Suburban Serengeti
Safaris are expensive.  So why not trade the very large for the very small?  Stay away from tourist traps and take a trip into your back yard for action worthy of television special—you won’t even need to pack a lunch. Even if at first glance the average home’s yard and garden might seem virtually free of animal life, a closer look shows how wrong first glances can be.  Arthropods—members of the...
So Your Garden is Rusting
As we swing into high summer and garden plants kick into overdrive, the fungi, bacteria, and viruses that rely on them start making appearances too.  These plant pathogens manifest themselves in many ways, from the elegant to the grotesque. Rust fungi are one common pathogen that show up with warmer temperatures.  These fungi—along with a related group known as "smuts"—are some of the most destructive plant pathogens. Rusts and smuts...
Plant Conservation Day
Join us in the Gardens on Saturday May 19 to celebrate Plant Conservation Day. The third week in May holds many opportunities to celebrate our rare and native plant species in Colorado.  Not only is it Celebrating Wildflowers week, a week to get out and enjoy wildflowers in bloom on public lands in your area, but Endangered Species Day and Plant Conservation Day fall within the week as well. We invite you...
It's Euxoa Time
  Plants aren’t the only thing becoming more active this time of year.  Warmer weather triggers a lot of invertebrate activity, and you may be noticing that your home is suddenly (apparently) some sort of transcontinental superhighway for arthropods. Which is just one of the reasons that I love springtime.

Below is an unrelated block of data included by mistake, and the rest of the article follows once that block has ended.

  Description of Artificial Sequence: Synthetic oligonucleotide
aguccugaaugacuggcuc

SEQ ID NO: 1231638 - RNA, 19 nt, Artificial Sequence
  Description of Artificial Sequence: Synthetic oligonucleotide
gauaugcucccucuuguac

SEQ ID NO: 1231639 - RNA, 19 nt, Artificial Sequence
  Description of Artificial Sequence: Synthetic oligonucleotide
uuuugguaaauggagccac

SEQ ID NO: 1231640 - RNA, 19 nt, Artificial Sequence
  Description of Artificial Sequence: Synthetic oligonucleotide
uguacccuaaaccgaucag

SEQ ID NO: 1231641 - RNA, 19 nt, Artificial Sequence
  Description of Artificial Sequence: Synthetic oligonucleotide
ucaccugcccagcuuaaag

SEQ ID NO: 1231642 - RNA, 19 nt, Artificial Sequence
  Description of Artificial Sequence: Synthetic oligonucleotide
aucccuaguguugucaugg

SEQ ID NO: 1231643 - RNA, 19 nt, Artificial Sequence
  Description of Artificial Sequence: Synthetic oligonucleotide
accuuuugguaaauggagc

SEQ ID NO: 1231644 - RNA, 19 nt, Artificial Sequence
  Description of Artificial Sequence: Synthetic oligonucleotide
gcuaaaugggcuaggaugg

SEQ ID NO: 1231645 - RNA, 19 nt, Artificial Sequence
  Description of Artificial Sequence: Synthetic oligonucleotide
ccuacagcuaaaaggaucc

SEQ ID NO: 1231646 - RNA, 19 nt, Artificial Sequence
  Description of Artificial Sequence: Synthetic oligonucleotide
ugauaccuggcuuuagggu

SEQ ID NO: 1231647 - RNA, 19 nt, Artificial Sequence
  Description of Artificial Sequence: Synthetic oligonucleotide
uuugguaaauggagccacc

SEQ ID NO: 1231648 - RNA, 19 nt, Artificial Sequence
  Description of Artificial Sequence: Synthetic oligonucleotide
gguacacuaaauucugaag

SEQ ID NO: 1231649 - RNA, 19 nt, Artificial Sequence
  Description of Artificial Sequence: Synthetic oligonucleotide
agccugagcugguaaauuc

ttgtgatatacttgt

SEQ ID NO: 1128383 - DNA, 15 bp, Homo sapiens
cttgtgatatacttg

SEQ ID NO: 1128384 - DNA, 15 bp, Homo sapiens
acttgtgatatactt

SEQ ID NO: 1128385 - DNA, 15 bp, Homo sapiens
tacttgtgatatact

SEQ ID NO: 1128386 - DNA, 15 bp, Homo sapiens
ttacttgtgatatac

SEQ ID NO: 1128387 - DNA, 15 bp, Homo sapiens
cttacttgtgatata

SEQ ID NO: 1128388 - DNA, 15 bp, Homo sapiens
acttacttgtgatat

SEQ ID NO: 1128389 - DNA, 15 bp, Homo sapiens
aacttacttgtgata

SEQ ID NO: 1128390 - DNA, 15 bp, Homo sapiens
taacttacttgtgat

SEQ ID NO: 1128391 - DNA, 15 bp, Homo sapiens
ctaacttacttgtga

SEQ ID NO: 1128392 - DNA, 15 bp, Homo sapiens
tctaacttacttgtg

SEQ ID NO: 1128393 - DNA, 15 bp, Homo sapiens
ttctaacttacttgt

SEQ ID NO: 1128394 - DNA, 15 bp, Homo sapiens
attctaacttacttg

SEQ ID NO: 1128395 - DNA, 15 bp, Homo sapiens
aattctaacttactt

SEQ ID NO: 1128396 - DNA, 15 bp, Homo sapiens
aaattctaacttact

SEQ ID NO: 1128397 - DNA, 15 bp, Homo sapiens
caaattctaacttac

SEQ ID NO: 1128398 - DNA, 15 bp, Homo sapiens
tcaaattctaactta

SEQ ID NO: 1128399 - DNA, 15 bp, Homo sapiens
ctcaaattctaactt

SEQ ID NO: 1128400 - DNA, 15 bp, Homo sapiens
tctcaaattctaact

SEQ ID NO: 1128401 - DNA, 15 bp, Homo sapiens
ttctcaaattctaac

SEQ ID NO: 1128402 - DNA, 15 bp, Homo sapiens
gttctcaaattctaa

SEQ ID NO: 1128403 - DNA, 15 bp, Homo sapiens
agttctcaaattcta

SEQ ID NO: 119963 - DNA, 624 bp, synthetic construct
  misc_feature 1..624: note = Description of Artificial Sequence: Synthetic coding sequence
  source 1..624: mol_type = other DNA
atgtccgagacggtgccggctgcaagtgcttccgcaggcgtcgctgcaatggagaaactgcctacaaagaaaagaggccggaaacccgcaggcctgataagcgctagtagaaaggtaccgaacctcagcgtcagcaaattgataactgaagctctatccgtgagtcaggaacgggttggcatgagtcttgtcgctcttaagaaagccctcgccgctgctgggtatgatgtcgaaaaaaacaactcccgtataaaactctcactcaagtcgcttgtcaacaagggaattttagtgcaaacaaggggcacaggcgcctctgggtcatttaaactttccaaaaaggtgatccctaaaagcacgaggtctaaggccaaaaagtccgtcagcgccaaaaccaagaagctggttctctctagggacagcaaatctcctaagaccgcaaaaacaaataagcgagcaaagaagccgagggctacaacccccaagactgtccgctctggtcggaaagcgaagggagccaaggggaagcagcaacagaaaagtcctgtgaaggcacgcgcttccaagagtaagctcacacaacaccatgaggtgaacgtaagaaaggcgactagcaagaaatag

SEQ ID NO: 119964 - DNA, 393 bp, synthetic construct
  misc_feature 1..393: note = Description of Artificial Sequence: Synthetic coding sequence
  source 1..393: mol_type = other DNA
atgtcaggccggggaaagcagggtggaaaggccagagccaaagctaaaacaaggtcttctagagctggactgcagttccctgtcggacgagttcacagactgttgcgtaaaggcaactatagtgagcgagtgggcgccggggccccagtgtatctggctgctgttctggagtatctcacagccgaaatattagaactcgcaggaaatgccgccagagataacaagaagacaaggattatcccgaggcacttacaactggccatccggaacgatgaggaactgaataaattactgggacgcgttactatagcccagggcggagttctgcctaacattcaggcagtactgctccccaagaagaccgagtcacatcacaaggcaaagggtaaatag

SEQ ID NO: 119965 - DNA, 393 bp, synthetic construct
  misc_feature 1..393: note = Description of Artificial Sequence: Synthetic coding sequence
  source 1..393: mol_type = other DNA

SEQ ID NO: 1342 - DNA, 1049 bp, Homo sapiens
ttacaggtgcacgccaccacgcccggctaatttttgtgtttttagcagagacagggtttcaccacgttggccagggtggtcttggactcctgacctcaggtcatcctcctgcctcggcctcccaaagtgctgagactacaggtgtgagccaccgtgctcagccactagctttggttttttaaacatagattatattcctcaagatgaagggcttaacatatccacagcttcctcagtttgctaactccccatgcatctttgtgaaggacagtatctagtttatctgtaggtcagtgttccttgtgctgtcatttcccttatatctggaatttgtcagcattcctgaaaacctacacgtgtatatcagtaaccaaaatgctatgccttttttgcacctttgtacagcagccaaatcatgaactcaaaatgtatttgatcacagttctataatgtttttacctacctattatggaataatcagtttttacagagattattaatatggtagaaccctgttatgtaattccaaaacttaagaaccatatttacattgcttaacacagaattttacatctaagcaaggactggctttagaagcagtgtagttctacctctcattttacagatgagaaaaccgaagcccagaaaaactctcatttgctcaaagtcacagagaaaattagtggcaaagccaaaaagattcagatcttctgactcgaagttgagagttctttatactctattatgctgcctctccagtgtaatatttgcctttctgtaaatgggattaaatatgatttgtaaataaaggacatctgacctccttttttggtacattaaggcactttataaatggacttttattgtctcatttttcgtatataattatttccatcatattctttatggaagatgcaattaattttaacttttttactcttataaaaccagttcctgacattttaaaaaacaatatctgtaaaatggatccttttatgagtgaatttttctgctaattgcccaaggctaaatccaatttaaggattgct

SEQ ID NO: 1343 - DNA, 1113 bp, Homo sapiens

How to become a Rare Plant Monitoring Steward volunteer
Timing is Everything
Few things signify spring like trees covered in blossoms.  Spring so far has been on the early side, thanks to our warmer than usual temperatures through March.  Many species that would oftentimes only be beginning to bloom at this time of year are already finished flowering—they seem to think it’s already May in Colorado.  Still other species haven’t broken bud, and look as though we’ve had a month of today’s...
Do Plants Grow Old?
At first glance it seems obvious that plants age right along with everything else on planet earth.  Everyone can recognize an old tree. But is ageing really the same as being weather-worn? Compared to human ageing, where progressive deterioration of physiological function eventually leads to death, plants can hardly be said to age at all. Plants are organized differently than animals. Usually animals complete all their major structures and organs while...
Cherry Blossom Blitz
With the beautiful, warm weather recently I have spent a lot more time outside and have enjoyed watching the first signs of spring every where I look. My chives are coming up in the garden and my lilacs are leafing out. Here at the Gardens there are so many plants starting to bloom, from the daffodils to the magnolias. Observations like these make up the science of phenology.
Ah, Spring!  The North Takes a Deep Breath
One of my earliest science class memories (and maybe one of yours, too) is learning that people and other animals “breathe oxygen” and plants “breathe carbon dioxide”.  I carried this gem all the way to AP biology in high school, when things got complicated.  As it turns out, plants need and use oxygen for all the same things that we do, and they exhale carbon dioxide to boot!  So what’s going...
(World) Water Day is March 22
“World Water Day” conjures up images of far-away problems (e.g. a billion people around the world do not have access to clean and safe water – with more than a third of these people living in Sub-Saharan Africa). If such alarming stats summed up World Water Day, however, the most anyone living in Denver could do would be to send money to an international water charity. Water issues, really, are not...

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